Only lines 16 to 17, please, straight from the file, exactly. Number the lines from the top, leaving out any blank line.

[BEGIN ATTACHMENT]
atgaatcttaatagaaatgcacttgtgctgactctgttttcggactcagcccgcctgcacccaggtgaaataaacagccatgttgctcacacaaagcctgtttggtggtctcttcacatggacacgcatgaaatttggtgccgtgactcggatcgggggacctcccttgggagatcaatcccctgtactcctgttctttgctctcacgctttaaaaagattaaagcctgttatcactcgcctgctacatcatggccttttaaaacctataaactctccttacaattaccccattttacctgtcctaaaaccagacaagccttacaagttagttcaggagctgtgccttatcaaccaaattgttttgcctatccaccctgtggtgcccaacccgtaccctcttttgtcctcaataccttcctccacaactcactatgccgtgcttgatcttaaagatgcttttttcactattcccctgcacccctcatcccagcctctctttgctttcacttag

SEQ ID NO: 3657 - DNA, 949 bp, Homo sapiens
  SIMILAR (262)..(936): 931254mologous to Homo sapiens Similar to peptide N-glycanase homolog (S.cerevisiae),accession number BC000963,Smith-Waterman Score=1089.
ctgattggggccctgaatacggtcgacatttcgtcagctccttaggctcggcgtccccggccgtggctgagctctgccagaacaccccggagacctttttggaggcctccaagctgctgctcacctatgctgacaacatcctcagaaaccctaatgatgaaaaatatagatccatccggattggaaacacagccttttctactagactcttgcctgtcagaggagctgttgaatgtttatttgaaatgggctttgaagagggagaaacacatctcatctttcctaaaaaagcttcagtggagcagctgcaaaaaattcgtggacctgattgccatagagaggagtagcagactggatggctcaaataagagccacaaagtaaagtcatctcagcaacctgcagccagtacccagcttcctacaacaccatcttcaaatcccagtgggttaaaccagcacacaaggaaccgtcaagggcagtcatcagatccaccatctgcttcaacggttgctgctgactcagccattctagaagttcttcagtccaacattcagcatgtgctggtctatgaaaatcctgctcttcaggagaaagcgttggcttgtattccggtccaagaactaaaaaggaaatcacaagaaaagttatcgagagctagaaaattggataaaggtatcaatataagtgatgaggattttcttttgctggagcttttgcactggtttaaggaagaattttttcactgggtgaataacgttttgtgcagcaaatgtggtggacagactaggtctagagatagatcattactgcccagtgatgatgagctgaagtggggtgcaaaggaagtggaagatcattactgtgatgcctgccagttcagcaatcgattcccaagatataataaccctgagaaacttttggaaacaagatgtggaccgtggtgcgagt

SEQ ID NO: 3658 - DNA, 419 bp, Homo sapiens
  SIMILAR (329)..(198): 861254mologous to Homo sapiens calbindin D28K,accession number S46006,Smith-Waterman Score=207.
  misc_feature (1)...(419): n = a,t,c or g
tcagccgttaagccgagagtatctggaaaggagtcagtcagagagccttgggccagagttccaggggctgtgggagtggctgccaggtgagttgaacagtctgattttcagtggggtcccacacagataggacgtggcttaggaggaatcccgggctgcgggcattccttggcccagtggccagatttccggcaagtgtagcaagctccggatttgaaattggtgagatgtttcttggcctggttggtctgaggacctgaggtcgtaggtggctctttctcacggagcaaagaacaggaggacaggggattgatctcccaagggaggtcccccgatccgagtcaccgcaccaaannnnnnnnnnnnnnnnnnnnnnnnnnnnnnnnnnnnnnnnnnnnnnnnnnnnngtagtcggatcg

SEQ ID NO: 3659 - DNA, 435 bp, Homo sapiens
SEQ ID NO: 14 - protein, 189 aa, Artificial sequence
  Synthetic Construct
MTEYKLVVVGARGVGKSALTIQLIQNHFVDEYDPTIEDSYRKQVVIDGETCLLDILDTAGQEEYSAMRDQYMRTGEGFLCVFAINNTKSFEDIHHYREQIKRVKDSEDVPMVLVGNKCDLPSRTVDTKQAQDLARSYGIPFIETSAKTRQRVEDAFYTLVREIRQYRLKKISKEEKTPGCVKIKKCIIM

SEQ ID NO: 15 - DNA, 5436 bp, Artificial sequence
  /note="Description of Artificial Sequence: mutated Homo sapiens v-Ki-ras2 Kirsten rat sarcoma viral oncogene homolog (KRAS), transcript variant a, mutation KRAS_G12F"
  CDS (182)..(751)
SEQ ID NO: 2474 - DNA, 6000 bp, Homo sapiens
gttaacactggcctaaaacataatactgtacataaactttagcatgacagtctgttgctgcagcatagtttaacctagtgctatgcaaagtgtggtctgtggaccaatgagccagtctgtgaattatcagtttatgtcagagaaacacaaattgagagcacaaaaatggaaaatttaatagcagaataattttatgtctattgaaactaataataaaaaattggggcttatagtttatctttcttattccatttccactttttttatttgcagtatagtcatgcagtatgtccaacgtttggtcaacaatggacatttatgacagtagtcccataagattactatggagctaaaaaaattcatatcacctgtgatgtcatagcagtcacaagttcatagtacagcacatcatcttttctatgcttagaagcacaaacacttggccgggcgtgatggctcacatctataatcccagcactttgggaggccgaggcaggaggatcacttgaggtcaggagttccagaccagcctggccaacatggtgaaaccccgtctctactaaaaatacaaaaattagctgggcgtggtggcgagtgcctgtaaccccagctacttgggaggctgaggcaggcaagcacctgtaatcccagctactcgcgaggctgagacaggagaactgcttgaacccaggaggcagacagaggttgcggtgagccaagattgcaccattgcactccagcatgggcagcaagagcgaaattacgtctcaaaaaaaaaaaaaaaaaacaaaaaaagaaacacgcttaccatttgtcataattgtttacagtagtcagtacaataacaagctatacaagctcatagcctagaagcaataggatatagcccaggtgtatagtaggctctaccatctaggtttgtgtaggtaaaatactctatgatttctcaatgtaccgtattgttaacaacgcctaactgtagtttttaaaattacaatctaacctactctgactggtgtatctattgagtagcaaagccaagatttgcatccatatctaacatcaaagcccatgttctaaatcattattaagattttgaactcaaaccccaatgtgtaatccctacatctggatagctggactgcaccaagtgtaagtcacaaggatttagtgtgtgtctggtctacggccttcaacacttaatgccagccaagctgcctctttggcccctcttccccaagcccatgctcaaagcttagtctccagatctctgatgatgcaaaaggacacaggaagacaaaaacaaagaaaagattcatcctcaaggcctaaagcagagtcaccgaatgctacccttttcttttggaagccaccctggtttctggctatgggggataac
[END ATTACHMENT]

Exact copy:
SEQ ID NO: 2474 - DNA, 6000 bp, Homo sapiens
gttaacactggcctaaaacataatactgtacataaactttagcatgacagtctgttgctgcagcatagtttaacctagtgctatgcaaagtgtggtctgtggaccaatgagccagtctgtgaattatcagtttatgtcagagaaacacaaattgagagcacaaaaatggaaaatttaatagcagaataattttatgtctattgaaactaataataaaaaattggggcttatagtttatctttcttattccatttccactttttttatttgcagtatagtcatgcagtatgtccaacgtttggtcaacaatggacatttatgacagtagtcccataagattactatggagctaaaaaaattcatatcacctgtgatgtcatagcagtcacaagttcatagtacagcacatcatcttttctatgcttagaagcacaaacacttggccgggcgtgatggctcacatctataatcccagcactttgggaggccgaggcaggaggatcacttgaggtcaggagttccagaccagcctggccaacatggtgaaaccccgtctctactaaaaatacaaaaattagctgggcgtggtggcgagtgcctgtaaccccagctacttgggaggctgaggcaggcaagcacctgtaatcccagctactcgcgaggctgagacaggagaactgcttgaacccaggaggcagacagaggttgcggtgagccaagattgcaccattgcactccagcatgggcagcaagagcgaaattacgtctcaaaaaaaaaaaaaaaaaacaaaaaaagaaacacgcttaccatttgtcataattgtttacagtagtcagtacaataacaagctatacaagctcatagcctagaagcaataggatatagcccaggtgtatagtaggctctaccatctaggtttgtgtaggtaaaatactctatgatttctcaatgtaccgtattgttaacaacgcctaactgtagtttttaaaattacaatctaacctactctgactggtgtatctattgagtagcaaagccaagatttgcatccatatctaacatcaaagcccatgttctaaatcattattaagattttgaactcaaaccccaatgtgtaatccctacatctggatagctggactgcaccaagtgtaagtcacaaggatttagtgtgtgtctggtctacggccttcaacacttaatgccagccaagctgcctctttggcccctcttccccaagcccatgctcaaagcttagtctccagatctctgatgatgcaaaaggacacaggaagacaaaaacaaagaaaagattcatcctcaaggcctaaagcagagtcaccgaatgctacccttttcttttggaagccaccctggtttctggctatgggggataac